The Brief Wondrous Life of Oscar Wao – Review

Uber-geek with a heavy dose of Dominican pride and cultural baggage. The bulk of the story centers around a planet of a human being, Oscar Wao, who us made out to be the only Dominican male to follow the Trekkie path to geeky, overweight loneliness.

the loneliness is important. Other than reading (and writing) copious amounts of scifi/fantasy, the only other thing that seems to occupy Wao’s time is his desperate wanting of female affection and his inability to attain it. As Yunior, a character who weaves in and out of the novel and has a section narrated from his point of view mentions, Oscar is the most woman crazy person he knows – which apparently is quite an impressive feat considering he’s dominican and all Yunior does is women.  Oscar has the fixation but just lacks the ability.

Which plays into Oscar’s downfall, believing he is in love, and doing something wholly irresponsible because of it. It’s an age old tale. Troy fell because of two guys loving one woman and each willing to be stupid for it. And to Junot Diaz’s credit, he spins it creatively and believably.

Still, I couldn’t help but be let down by the ending. The novel feels as if it is building towards something significant, but Oscar’s end is sort of what you expect to be, and the character who does go through a transformation is left somewhat hollow by our not knowing overly much about him, or feeling much sympathy about him.

Where the novel works best is where it effortlessly blends Oscar’s geeky obsessions with the curse that has supposedly plagued his family and Dominican Republic’s recent history of being controlled by vicious a vicious dictator who didn’t hesitate to rape, pillage and murder everyone around him. Junot Diaz shows a solid hand at being able to take control of the pacing of the story, to feed us a lot of information – whether by the actual text of the story or through the handful of footnotes he dots the bottom of some pages with – while allowing it to be enjoyable and to never be bogged down with fact.

What might be most impressive is Diaz’s ability to weave spanish throughout the text in a way that makes it seem not only natural but understandable. For background, I was a horrible Spanish student. I hadn’t taken a foreign language course since middle school and they are something that simply do not come easily to me now. While I enjoy them, they are miserable for me. I am destined to fail them. But I could pick up the meaning of what Diaz is saying in nearly every instance he drops some spanish into the text.

I don’t know if Diaz intended it but this is also a book about the destructive force of love. While the Fuku plaguing Oscar’s family for the past handful of generations is continually attributed to its run-in with Trujillo causing their fall from grace, the idea that the fuku is Love (with that capital L) is quite possible. Even before their run-in with Trujillo, Oscar’s grandmother was shunned by her family after having been wooed and won by Oscar’s wealthy grandfather, who also threatened to lose ties with his family and social circles because of who he loved and pursued. It was his grandfather’s love for his daughters (and fears that Trujillo would decide he wanted to rape one of them should he see them – something the book maintains was common of Trujillo’s rule of DR) that eventually leads to his grandfather’s imprisonment, his wife’s death, the death of 2/3 of his children and the third child being “adopted” by relatives of his wife and then being sold by them. It is love that leads to this surviving third child to suffer a horrible beating and to flee to the united states where she has her daughter, Lola, and Oscar. And it is love that kills Oscar.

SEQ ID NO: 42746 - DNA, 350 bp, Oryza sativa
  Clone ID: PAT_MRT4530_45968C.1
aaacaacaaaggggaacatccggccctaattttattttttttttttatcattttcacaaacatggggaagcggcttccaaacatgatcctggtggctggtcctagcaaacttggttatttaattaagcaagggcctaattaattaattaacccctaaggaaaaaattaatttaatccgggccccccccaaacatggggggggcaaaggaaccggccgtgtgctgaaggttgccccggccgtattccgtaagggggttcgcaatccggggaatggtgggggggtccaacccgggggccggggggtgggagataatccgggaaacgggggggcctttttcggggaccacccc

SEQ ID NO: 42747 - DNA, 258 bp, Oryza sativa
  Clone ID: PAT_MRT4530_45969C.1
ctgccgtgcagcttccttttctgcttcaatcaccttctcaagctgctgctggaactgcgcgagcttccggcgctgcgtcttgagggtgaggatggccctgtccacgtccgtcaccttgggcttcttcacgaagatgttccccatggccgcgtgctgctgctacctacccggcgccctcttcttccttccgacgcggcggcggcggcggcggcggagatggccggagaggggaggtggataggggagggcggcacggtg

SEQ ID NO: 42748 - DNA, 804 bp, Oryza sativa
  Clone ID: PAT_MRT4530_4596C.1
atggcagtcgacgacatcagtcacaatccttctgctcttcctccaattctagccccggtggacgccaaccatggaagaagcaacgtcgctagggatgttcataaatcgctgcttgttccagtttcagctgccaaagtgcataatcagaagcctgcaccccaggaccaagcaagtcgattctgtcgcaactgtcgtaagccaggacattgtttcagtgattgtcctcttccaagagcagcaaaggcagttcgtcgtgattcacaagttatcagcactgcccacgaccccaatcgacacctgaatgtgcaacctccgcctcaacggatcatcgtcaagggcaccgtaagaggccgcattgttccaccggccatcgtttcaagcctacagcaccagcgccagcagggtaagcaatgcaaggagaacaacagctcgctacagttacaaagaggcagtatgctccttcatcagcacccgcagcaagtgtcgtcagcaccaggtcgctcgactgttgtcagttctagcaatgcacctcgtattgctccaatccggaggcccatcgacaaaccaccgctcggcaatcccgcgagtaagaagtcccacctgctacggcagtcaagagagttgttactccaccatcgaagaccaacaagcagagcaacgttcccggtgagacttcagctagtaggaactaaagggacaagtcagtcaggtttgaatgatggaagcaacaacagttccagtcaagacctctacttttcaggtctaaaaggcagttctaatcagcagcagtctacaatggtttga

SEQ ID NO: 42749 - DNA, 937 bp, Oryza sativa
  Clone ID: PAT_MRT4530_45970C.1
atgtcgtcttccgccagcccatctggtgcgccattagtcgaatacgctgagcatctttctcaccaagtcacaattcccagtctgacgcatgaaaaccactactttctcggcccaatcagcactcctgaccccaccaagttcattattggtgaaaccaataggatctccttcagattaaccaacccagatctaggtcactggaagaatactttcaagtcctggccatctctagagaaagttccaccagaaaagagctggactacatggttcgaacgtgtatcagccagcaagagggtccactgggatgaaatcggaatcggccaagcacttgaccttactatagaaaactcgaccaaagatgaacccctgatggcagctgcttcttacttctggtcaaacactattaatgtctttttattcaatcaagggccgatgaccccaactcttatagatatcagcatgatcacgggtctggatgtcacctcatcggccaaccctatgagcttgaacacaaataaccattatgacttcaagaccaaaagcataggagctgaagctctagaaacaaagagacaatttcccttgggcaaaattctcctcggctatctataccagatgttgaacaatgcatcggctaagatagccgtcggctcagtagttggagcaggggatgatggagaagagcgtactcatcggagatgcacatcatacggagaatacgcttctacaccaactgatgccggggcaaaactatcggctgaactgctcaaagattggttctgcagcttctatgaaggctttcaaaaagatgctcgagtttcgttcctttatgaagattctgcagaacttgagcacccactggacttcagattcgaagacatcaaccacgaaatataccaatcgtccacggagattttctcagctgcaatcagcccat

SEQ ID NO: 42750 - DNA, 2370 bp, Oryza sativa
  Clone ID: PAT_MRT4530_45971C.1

Meanwhile, redemption is only found through responsibility. The sister of Oscar’s grandfather rescues the third child from the hell she was sold into out of feeling an obligation to her brother who always helped her. Yunior eventually finds his way in life in large part because of the responsibility he feels towards looking after Oscar. And Lola seems to be the least scarred of the family while feeling the most responsibility to look after and be involved in everything. And Oscar’s aunt is almost a saint in the book, as she takes the responsibility of raising Oscar’s mother and then looking after Oscar as best she could when he goes to the DR.

At the same time, it is Oscar’s inability to find love that damages him the most. His geekiness combined with his planetoid size make him a sexual pariah. And his inability to garner the affections of any woman seems to compound his troubles, making him more desperate for affection. The impression is that the book is praising the art of balance and restraint, but it doesn’t show the negative side of too much responsibility, of being too restrained. The argument could be broached that Oscar is the lesson in this but his restraint isn’t a choice but is something forced on him by massive consumption (as Diaz occasionally notes in Oscar’s “trying” not to eat for four and such comments, Oscar has a problem with defining portions) and the consumption itself is a horrible lack of restraint. And Oscar’s consumption of food is symbolic for his lack of consumption of love. WIthout one, he over-indulges in another. So his subsequent over indulgence when he does begin to garner some affection is a natural conclusion.


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